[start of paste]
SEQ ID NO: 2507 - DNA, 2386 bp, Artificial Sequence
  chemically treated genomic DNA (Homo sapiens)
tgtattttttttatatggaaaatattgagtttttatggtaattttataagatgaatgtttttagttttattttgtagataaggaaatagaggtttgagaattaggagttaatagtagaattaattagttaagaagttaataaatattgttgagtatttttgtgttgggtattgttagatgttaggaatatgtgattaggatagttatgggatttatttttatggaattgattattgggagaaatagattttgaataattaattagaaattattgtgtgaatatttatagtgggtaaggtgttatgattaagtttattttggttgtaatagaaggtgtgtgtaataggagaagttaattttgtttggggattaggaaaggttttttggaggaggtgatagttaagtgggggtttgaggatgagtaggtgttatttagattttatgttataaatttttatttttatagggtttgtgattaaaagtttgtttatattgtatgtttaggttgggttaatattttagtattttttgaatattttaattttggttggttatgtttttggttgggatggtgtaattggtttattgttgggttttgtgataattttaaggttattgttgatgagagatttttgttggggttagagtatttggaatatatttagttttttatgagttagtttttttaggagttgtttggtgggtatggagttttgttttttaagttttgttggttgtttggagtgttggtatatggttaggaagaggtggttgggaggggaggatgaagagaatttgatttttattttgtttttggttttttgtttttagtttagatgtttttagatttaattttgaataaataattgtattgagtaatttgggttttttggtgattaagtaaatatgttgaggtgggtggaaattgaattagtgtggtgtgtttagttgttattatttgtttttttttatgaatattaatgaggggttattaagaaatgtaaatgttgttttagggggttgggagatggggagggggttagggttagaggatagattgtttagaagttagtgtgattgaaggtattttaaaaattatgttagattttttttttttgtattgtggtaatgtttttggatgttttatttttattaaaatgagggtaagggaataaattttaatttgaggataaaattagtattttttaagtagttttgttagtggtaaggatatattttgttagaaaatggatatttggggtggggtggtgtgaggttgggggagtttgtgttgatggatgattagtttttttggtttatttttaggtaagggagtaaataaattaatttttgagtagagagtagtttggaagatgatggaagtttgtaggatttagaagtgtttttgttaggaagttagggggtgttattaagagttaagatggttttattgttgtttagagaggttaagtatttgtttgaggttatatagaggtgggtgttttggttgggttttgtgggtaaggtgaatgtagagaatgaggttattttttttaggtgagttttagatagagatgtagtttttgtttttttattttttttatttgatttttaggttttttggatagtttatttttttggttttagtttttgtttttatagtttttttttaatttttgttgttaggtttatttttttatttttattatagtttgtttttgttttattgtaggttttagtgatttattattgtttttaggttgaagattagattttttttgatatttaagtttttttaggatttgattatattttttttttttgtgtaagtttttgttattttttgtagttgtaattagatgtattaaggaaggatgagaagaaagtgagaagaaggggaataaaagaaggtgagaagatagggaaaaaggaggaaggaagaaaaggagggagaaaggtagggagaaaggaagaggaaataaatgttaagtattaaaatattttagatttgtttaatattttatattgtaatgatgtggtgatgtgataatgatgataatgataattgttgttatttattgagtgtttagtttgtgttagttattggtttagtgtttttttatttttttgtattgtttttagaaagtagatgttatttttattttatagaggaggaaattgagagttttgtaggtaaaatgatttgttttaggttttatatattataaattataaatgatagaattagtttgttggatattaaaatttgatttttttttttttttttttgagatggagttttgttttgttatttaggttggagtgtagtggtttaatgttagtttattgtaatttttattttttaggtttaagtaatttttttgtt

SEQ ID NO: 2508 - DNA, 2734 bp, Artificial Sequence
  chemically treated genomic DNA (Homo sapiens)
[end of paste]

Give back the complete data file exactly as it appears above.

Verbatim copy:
SEQ ID NO: 2507 - DNA, 2386 bp, Artificial Sequence
  chemically treated genomic DNA (Homo sapiens)
tgtattttttttatatggaaaatattgagtttttatggtaattttataagatgaatgtttttagttttattttgtagataaggaaatagaggtttgagaattaggagttaatagtagaattaattagttaagaagttaataaatattgttgagtatttttgtgttgggtattgttagatgttaggaatatgtgattaggatagttatgggatttatttttatggaattgattattgggagaaatagattttgaataattaattagaaattattgtgtgaatatttatagtgggtaaggtgttatgattaagtttattttggttgtaatagaaggtgtgtgtaataggagaagttaattttgtttggggattaggaaaggttttttggaggaggtgatagttaagtgggggtttgaggatgagtaggtgttatttagattttatgttataaatttttatttttatagggtttgtgattaaaagtttgtttatattgtatgtttaggttgggttaatattttagtattttttgaatattttaattttggttggttatgtttttggttgggatggtgtaattggtttattgttgggttttgtgataattttaaggttattgttgatgagagatttttgttggggttagagtatttggaatatatttagttttttatgagttagtttttttaggagttgtttggtgggtatggagttttgttttttaagttttgttggttgtttggagtgttggtatatggttaggaagaggtggttgggaggggaggatgaagagaatttgatttttattttgtttttggttttttgtttttagtttagatgtttttagatttaattttgaataaataattgtattgagtaatttgggttttttggtgattaagtaaatatgttgaggtgggtggaaattgaattagtgtggtgtgtttagttgttattatttgtttttttttatgaatattaatgaggggttattaagaaatgtaaatgttgttttagggggttgggagatggggagggggttagggttagaggatagattgtttagaagttagtgtgattgaaggtattttaaaaattatgttagattttttttttttgtattgtggtaatgtttttggatgttttatttttattaaaatgagggtaagggaataaattttaatttgaggataaaattagtattttttaagtagttttgttagtggtaaggatatattttgttagaaaatggatatttggggtggggtggtgtgaggttgggggagtttgtgttgatggatgattagtttttttggtttatttttaggtaagggagtaaataaattaatttttgagtagagagtagtttggaagatgatggaagtttgtaggatttagaagtgtttttgttaggaagttagggggtgttattaagagttaagatggttttattgttgtttagagaggttaagtatttgtttgaggttatatagaggtgggtgttttggttgggttttgtgggtaaggtgaatgtagagaatgaggttattttttttaggtgagttttagatagagatgtagtttttgtttttttattttttttatttgatttttaggttttttggatagtttatttttttggttttagtttttgtttttatagtttttttttaatttttgttgttaggtttatttttttatttttattatagtttgtttttgttttattgtaggttttagtgatttattattgtttttaggttgaagattagattttttttgatatttaagtttttttaggatttgattatattttttttttttgtgtaagtttttgttattttttgtagttgtaattagatgtattaaggaaggatgagaagaaagtgagaagaaggggaataaaagaaggtgagaagatagggaaaaaggaggaaggaagaaaaggagggagaaaggtagggagaaaggaagaggaaataaatgttaagtattaaaatattttagatttgtttaatattttatattgtaatgatgtggtgatgtgataatgatgataatgataattgttgttatttattgagtgtttagtttgtgttagttattggtttagtgtttttttatttttttgtattgtttttagaaagtagatgttatttttattttatagaggaggaaattgagagttttgtaggtaaaatgatttgttttaggttttatatattataaattataaatgatagaattagtttgttggatattaaaatttgatttttttttttttttttttgagatggagttttgttttgttatttaggttggagtgtagtggtttaatgttagtttattgtaatttttattttttaggtttaagtaatttttttgtt

SEQ ID NO: 2508 - DNA, 2734 bp, Artificial Sequence
  chemically treated genomic DNA (Homo sapiens)